Turning the Negative Impact of Technology on Healthcare into a Positive
It’s no secret that technology has done amazing things for our health and well being. Technological advances have brought us new treatments, medicines, and helped us live healthier, longer lives. On the flip side, technology may also hinder interactions between doctors and patients, as well as caregivers and colleagues.
The same technology that helps providers deliver better and faster treatment may also be decreasing face time with their patients. Think back to your last visit to a healthcare clinic. How many times did your healthcare providers use some sort of computer device? It adds up to a lot of screen time which ultimately results in less time focused directly on patients.
KI recently partnered with BBH Design and Parkland Health & Hospital System to research healthcare design in the outpatient clinic. Through our observations of physicians, nurses and patients we found that anyone using a computer is 67% less likely to interact with a patient. That means patients spend a large amount of their time in clinics sitting and waiting, disengaged from their care experience.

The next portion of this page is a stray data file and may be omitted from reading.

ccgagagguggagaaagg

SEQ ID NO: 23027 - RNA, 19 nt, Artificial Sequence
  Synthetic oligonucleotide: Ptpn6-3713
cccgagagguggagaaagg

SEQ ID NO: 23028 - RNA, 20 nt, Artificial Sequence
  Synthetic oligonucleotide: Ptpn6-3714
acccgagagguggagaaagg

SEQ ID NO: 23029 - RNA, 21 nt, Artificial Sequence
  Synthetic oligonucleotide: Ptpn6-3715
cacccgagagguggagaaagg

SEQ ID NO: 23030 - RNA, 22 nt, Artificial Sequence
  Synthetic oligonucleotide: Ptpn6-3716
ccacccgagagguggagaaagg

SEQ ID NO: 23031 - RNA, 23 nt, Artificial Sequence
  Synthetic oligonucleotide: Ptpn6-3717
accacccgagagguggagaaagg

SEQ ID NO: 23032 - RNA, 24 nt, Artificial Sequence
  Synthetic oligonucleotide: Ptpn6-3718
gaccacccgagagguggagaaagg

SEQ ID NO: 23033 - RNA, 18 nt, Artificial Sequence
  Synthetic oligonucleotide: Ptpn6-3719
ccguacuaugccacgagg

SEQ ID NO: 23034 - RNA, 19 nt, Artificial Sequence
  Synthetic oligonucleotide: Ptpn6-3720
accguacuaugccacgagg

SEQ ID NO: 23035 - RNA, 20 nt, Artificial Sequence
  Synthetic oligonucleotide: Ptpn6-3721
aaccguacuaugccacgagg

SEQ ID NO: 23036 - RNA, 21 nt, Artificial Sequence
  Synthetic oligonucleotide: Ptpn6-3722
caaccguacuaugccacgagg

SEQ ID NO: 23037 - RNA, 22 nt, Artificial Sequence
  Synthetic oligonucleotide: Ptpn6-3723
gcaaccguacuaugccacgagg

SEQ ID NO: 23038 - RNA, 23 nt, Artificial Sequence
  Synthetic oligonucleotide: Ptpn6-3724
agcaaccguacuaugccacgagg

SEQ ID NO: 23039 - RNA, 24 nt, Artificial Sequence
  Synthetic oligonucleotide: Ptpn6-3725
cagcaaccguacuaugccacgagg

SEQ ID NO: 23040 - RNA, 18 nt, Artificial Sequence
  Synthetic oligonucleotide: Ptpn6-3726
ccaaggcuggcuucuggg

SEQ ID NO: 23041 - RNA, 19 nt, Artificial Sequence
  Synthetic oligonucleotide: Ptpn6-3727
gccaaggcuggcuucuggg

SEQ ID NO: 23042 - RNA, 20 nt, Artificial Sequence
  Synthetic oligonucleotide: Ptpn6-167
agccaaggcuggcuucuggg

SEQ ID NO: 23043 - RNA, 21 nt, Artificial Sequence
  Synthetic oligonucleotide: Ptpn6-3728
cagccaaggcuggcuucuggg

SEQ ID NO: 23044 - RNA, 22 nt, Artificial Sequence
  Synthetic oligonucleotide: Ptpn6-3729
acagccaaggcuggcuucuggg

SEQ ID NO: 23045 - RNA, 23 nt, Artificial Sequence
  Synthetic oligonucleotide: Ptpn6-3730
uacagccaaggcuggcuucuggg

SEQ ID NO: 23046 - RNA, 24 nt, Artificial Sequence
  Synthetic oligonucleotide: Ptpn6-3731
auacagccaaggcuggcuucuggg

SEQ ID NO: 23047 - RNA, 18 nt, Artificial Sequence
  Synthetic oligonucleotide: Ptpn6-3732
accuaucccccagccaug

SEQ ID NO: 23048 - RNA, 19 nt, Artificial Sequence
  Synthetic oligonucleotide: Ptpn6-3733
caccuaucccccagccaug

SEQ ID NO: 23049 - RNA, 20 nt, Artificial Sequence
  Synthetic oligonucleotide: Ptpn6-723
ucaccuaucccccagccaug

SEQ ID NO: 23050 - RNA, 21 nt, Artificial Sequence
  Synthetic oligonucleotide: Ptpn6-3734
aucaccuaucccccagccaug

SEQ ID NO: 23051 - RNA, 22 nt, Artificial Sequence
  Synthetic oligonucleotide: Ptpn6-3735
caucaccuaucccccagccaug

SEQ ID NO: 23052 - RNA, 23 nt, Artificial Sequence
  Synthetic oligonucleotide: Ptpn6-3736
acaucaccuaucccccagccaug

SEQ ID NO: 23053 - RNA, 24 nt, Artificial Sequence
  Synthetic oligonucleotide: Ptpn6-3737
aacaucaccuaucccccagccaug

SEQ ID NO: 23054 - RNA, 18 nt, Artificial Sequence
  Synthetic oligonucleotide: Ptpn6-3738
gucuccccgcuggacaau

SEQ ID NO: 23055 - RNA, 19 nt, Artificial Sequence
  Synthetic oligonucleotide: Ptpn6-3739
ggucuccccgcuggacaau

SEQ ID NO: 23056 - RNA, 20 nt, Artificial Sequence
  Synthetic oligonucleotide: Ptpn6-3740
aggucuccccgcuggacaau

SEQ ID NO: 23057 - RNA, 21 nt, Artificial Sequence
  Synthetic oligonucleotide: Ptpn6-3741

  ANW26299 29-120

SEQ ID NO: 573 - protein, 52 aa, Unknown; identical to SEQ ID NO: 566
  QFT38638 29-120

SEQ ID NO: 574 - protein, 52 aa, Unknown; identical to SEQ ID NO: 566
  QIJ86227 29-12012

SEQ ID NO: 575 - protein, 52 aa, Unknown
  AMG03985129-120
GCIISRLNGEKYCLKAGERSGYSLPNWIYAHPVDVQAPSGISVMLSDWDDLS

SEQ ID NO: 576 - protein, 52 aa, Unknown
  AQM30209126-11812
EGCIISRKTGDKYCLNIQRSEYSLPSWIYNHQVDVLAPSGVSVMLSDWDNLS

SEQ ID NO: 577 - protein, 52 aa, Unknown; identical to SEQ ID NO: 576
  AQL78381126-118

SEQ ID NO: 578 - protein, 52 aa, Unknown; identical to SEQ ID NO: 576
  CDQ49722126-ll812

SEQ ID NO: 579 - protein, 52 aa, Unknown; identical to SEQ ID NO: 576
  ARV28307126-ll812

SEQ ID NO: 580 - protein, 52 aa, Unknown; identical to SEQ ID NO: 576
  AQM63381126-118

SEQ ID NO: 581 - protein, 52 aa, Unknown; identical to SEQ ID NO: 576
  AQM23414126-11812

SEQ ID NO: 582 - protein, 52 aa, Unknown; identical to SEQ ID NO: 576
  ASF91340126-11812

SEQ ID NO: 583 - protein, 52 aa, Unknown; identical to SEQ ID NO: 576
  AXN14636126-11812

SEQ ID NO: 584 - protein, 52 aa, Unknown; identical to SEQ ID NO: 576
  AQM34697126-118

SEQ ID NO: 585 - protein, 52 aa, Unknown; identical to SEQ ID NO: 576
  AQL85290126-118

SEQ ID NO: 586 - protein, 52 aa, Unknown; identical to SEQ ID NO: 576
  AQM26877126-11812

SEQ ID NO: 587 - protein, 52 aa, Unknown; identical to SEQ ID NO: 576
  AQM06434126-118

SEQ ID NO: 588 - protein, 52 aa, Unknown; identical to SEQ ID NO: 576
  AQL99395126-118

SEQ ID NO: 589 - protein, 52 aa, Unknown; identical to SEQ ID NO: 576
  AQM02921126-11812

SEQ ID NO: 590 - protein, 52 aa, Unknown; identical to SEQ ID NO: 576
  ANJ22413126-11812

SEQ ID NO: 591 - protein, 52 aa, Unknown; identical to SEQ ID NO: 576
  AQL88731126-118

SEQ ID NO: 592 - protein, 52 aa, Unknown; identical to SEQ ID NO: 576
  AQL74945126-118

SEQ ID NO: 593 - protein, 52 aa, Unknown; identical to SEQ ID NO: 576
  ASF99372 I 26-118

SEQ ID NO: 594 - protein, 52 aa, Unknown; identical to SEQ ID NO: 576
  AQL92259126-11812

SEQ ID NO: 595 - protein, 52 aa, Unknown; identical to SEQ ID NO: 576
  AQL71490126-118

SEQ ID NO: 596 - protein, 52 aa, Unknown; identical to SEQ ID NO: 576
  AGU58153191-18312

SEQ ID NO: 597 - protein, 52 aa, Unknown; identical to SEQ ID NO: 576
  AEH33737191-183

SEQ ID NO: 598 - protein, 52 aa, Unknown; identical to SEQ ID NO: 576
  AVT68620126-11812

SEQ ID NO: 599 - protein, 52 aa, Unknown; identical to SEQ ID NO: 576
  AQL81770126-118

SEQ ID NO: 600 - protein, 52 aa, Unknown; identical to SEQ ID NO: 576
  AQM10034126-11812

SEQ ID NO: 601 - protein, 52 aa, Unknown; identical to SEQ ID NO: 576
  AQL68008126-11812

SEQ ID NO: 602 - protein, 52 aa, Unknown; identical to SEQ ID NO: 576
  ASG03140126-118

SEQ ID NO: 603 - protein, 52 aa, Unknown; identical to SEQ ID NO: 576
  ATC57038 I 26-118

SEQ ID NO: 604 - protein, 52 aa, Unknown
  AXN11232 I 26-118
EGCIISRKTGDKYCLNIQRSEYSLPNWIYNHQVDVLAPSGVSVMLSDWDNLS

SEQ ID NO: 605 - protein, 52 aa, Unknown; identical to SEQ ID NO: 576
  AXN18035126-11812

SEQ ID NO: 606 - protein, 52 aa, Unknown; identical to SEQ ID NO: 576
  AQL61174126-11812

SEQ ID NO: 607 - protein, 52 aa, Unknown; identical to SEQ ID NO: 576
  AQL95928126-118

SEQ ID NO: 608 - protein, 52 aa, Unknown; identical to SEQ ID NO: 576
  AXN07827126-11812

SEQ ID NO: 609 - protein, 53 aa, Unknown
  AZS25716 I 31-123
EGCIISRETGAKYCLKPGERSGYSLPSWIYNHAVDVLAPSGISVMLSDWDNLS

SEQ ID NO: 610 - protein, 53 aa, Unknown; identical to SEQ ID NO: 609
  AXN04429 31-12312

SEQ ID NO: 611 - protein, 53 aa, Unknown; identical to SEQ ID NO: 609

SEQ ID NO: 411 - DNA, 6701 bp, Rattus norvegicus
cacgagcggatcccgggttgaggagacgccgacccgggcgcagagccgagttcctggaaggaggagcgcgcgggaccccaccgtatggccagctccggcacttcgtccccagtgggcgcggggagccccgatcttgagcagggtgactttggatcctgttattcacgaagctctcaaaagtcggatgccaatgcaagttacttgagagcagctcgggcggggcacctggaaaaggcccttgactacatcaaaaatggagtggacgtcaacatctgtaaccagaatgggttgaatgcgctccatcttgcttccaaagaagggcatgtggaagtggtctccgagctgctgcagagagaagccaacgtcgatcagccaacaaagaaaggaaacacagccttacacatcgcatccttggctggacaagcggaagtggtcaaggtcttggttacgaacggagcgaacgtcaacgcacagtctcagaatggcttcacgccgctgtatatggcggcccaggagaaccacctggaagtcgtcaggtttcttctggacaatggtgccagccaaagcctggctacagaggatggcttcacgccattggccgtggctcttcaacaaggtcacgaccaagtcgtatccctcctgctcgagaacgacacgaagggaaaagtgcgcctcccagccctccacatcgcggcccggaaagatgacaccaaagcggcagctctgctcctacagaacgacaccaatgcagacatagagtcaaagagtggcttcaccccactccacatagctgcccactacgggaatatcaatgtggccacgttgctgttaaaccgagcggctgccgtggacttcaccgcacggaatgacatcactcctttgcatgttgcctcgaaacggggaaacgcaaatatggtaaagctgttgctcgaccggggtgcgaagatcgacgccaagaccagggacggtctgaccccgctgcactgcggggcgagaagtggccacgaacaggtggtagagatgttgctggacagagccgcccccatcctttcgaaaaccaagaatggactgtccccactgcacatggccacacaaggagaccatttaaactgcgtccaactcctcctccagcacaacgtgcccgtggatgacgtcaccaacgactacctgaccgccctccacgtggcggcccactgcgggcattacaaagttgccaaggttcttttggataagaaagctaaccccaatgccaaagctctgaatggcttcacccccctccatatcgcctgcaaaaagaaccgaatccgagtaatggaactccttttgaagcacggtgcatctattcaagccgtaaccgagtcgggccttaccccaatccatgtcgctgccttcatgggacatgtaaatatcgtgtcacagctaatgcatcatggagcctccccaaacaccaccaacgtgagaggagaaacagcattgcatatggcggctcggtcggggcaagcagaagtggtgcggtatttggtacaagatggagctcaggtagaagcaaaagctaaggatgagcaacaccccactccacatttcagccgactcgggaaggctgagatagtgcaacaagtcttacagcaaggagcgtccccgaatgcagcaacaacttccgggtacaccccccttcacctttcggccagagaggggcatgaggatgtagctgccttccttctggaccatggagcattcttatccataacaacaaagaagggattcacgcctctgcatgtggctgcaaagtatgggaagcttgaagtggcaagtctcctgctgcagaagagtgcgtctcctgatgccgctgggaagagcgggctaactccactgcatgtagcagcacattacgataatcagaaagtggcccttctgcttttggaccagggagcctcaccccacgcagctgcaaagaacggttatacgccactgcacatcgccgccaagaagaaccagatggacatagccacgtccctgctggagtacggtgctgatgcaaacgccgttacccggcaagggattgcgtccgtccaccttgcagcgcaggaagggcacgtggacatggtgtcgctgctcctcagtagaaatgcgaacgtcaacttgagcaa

We also discovered that the reliance on technology has negative impacts on interactions between doctors and nurses as well. Even when work areas are shared, nurses and doctors are less likely to interface when using computers.
Strategies for Technology Integration
How can we solve this dilemma? It’s as simple as arranging tech devices and planning workspaces with face-to-face interaction in mind. Here are several strategies for increasing engagement while maintaining the use of technology:
- Create an interactive experience between provider and patient. Integrate tables that encourage dialogue. Doctors can share a monitor or device while maintaining eye contact, eliminating the need to turn their backs on patients.
- Incorporate wall-mounted monitors. Mounting monitors to walls makes information visible to both providers and patients and could help initiate meaningful discussion.
- Reconfigure computer workstations to encourage interaction. Set up workstations so staff face one another. Lining workstations along walls decreases communication.
For more ideas on clinic design, download KI’s white paper, “The Communication Factor: Observations & Opportunities for Improving Clinic Design”.
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